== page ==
Though Lori McKenna has enjoyed some success penning mainstream country hits, she’s very much a left-of-centre writer and singer, and I’m looking forward to seeing her performing her own songs. I’ve been a huge fan of Gary Burr since the early 1980s. He has long been one of my favourite Music Row songwriters and consider his The Time Machine one of the greatest country songs ever written. In recent years he’s been working closely with Georgia Middleman, a highly talented writer and singer. They are both members of Blue Sky Riders, a country music trio also featuring Kenny Loggins.

David Nail

Like Georgia Middleman, Shane McAnally was once a promising recording artist signed to Curb Records, but for the past 15 years he has been a highly successful songwriter penning dozens of hits and album tracks. Other acts from across the Atlantic I’m eagerly looking forward to seeing include David Nail, a singer with a highly distinctive voice plus he writes and sings songs with real lyrical depth. Ashley Monroe is another singer-songwriter that I’ve known about for many years. I believe it was Kevin Montgomery who first gave me the tip about her, more than a dozen years ago. She’s since come to the forefront working as one third of the Pistol Annies and more recently with her Vince Gill-produced THE BLADE album.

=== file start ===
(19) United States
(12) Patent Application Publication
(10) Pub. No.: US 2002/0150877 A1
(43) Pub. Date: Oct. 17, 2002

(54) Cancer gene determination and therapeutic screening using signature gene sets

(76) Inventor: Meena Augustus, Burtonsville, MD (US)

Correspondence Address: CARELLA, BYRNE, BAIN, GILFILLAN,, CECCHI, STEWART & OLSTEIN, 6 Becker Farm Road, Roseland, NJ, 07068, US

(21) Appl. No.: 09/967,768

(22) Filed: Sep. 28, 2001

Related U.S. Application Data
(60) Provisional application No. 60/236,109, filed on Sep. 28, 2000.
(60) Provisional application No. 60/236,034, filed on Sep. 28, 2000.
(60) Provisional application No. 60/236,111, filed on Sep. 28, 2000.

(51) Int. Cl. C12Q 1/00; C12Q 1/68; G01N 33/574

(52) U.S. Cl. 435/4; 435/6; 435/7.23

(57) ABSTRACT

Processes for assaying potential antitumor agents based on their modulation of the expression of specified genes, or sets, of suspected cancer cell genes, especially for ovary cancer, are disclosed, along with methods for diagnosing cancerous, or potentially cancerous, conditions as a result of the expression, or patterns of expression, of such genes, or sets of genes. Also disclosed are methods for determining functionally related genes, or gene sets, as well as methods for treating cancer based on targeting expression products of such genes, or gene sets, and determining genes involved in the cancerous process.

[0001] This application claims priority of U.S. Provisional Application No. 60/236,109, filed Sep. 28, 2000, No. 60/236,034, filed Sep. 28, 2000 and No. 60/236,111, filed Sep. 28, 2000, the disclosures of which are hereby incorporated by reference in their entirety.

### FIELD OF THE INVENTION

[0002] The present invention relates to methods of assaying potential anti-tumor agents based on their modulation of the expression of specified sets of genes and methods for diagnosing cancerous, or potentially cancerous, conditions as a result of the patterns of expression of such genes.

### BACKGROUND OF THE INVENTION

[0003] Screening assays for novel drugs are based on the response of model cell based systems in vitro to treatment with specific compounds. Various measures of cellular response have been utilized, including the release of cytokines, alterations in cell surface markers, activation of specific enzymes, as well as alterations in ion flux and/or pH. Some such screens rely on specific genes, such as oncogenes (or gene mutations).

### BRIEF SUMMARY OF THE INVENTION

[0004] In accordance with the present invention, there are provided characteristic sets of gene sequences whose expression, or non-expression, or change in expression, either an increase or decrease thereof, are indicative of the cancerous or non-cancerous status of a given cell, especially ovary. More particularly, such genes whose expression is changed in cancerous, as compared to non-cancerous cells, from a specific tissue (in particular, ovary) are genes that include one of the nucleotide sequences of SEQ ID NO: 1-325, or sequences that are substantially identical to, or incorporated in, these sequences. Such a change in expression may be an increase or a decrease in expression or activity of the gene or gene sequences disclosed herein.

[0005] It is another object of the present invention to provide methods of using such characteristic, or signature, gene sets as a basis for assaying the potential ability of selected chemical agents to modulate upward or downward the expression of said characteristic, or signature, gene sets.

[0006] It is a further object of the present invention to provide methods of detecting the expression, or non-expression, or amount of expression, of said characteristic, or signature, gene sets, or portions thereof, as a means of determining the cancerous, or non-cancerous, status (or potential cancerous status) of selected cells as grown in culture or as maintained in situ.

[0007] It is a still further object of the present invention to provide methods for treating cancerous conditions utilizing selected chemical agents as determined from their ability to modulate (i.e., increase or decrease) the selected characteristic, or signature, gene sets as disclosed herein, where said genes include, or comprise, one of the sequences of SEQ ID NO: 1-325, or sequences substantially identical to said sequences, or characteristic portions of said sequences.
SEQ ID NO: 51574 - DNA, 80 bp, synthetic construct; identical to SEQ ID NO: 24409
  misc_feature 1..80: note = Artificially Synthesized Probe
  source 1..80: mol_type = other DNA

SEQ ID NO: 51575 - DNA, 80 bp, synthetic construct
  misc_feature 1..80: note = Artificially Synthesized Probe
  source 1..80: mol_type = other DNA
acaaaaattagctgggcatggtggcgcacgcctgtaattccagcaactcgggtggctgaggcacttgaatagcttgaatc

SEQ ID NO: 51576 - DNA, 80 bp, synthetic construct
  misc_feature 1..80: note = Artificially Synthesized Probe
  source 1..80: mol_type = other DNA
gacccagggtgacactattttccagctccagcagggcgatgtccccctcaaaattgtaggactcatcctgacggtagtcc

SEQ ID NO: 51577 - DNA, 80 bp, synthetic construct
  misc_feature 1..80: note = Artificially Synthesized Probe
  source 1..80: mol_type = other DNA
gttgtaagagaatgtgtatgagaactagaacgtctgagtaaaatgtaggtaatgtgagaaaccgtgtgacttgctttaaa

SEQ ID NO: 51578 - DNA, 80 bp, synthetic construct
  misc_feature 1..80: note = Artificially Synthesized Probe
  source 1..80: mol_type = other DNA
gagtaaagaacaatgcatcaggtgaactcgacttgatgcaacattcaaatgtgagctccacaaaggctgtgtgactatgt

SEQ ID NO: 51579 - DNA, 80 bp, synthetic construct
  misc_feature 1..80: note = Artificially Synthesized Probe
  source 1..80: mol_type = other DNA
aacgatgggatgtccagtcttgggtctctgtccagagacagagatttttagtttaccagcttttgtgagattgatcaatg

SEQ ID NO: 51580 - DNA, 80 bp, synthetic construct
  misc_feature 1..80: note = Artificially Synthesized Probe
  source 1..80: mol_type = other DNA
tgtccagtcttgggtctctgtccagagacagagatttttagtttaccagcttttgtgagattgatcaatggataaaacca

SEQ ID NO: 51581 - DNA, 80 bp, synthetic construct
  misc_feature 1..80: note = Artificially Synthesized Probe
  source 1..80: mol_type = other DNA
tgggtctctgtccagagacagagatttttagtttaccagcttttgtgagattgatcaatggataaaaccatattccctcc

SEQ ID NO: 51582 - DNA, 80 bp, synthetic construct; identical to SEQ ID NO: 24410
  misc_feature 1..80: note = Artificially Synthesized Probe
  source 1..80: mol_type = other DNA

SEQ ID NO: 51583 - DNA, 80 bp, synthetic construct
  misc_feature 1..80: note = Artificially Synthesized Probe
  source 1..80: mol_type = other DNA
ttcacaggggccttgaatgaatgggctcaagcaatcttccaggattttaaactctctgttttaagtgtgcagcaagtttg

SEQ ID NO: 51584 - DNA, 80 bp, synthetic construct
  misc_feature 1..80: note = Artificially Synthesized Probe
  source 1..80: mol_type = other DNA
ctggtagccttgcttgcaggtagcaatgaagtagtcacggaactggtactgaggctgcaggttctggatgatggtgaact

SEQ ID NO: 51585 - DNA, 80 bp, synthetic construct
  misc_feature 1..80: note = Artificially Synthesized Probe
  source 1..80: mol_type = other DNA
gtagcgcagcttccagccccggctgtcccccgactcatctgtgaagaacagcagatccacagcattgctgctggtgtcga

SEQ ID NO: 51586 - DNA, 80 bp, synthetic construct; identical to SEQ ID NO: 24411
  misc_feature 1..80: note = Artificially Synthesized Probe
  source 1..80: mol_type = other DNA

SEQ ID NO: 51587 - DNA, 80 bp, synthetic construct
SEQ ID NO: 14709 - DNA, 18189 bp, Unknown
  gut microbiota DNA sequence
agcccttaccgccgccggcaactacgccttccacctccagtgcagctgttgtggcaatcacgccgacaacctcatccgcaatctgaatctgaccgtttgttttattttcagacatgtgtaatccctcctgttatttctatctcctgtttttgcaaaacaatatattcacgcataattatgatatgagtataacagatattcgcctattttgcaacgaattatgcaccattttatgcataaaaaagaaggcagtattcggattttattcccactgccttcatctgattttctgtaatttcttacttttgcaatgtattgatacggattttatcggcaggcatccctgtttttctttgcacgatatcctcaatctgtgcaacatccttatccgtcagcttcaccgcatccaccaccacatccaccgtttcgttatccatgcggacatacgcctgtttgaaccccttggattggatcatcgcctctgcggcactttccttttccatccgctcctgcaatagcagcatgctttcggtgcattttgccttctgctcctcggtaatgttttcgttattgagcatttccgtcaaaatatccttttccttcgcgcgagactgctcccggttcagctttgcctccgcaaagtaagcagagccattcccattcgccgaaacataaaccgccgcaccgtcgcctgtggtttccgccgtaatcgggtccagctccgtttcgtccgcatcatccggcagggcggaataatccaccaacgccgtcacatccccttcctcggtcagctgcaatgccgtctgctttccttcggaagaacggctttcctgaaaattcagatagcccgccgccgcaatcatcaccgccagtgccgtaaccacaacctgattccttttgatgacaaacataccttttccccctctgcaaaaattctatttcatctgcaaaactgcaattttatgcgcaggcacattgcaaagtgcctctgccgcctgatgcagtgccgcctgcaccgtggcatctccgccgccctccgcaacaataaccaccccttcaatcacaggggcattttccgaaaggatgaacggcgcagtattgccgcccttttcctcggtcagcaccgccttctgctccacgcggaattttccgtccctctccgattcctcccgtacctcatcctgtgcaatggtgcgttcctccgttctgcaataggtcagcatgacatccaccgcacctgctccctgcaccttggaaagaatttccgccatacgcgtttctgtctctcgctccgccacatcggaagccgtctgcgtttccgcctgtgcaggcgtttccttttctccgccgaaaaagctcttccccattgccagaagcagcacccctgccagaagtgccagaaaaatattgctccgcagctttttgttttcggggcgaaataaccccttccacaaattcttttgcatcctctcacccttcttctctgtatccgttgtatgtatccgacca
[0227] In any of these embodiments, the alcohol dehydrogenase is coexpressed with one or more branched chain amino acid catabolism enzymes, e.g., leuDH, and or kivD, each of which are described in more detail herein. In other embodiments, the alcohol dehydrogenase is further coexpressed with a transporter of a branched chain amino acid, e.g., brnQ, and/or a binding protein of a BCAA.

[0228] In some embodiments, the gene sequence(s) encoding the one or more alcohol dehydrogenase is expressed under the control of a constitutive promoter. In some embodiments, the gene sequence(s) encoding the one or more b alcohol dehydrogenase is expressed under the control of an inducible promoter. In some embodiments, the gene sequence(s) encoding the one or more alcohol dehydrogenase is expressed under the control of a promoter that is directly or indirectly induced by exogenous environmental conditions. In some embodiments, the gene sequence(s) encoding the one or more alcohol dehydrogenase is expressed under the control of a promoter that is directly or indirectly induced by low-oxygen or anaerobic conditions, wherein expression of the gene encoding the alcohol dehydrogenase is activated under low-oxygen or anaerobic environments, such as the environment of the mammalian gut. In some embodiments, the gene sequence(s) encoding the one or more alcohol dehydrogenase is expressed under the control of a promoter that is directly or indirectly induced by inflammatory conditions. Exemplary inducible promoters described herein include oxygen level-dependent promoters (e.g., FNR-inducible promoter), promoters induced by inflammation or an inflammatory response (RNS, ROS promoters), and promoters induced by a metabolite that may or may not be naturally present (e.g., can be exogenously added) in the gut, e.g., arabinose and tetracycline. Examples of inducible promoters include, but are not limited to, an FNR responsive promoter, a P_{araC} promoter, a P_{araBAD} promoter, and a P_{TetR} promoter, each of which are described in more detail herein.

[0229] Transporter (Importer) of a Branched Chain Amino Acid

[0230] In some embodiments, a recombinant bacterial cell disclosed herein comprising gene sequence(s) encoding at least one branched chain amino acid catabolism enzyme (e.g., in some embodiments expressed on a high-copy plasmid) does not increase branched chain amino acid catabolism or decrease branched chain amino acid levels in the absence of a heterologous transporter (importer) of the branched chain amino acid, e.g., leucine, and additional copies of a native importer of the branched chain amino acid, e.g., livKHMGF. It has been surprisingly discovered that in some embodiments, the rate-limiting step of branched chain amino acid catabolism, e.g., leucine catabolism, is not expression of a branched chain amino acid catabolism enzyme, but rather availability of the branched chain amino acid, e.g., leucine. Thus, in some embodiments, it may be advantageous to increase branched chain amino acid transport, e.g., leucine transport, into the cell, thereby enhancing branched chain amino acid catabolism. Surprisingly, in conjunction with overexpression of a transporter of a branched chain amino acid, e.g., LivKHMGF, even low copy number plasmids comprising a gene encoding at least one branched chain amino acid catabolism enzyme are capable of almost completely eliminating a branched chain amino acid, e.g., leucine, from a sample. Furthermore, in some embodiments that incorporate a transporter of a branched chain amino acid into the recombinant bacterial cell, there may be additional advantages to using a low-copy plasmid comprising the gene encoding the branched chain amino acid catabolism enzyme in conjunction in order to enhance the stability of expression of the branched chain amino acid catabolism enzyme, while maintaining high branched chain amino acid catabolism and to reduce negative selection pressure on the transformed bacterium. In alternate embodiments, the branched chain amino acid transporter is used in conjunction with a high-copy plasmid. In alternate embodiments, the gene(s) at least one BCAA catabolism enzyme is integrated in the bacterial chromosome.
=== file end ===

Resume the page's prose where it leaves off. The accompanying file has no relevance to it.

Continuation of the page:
A couple of newcomers well worth looking out for are Erin Kinsey and Alice Wallace. I caught Erin at the Bluebird Café in Nashville a couple of years ago and couldn’t believe how good a pre-teen could be. Now 15 years old, the Dallas based singer-songwriter is definitely a name to watch. Californian Alice Wallace is a mature, yet young rootsy singer, one of the few of today’s performers who yodels and is also poised to make a big impression.

Erin Kinsley

Amongst the UK acts, I never tire of seeing Alan West & Steve Black. Devon-born Alan West possesses one of the richest, most distinctive voices I’ve ever heard and is tailor-made for the story songs of Steve Black enhanced further by their easy and natural stage repartee. I first came across Lincolnshire’s Callaghan some years ago when she played a gig for me in Maidstone. She’s since gone on to tour America and make quite a name for herself. Though I’d heard Red Sky July, it was at the Little Rabbit Barn in Essex that I first got to see them perform a couple of years ago and was suitably impressed. Earlier this year they appeared at Midwinterfest and again knocked me out with their songs and exquisite harmonies.

Alice Wallace

My own particular favourite part of C2C is undoubtedly the CMA Songwriters Series which takes place this year on Thursday March 10 at Indigo at the O2. The line-up this year is once again very impressive, Hosted by Shana McAnally it features Charles Esten, Lori McKenna, Ashley Monroe and Charlie Worsham and should not be missed.

Esten is one of the stars of the popular ABC Television Network series Nashville playing the role of Deacon Claybourne; McAnally and McKenna, two of Country Music’s hottest songwriters— with McAnnally co-writing most of Kacey Musgraves’ songs and McKenna currently best known for co-writing the CMA Award winning Girl Crush for Little Big Town; Monroe, who is a critically-acclaimed singer-songwriter and one third of the Pistol Annies with Miranda Lambert and Angaleena Presley; and Worsham, who paid his dues as a session musician and singing on demos, but is now a rapidly rising star who’s been touring with Lambert and Taylor Swift.

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Tickets for all shows are available from: 08448 24 48 24 and / 0844 811 0051.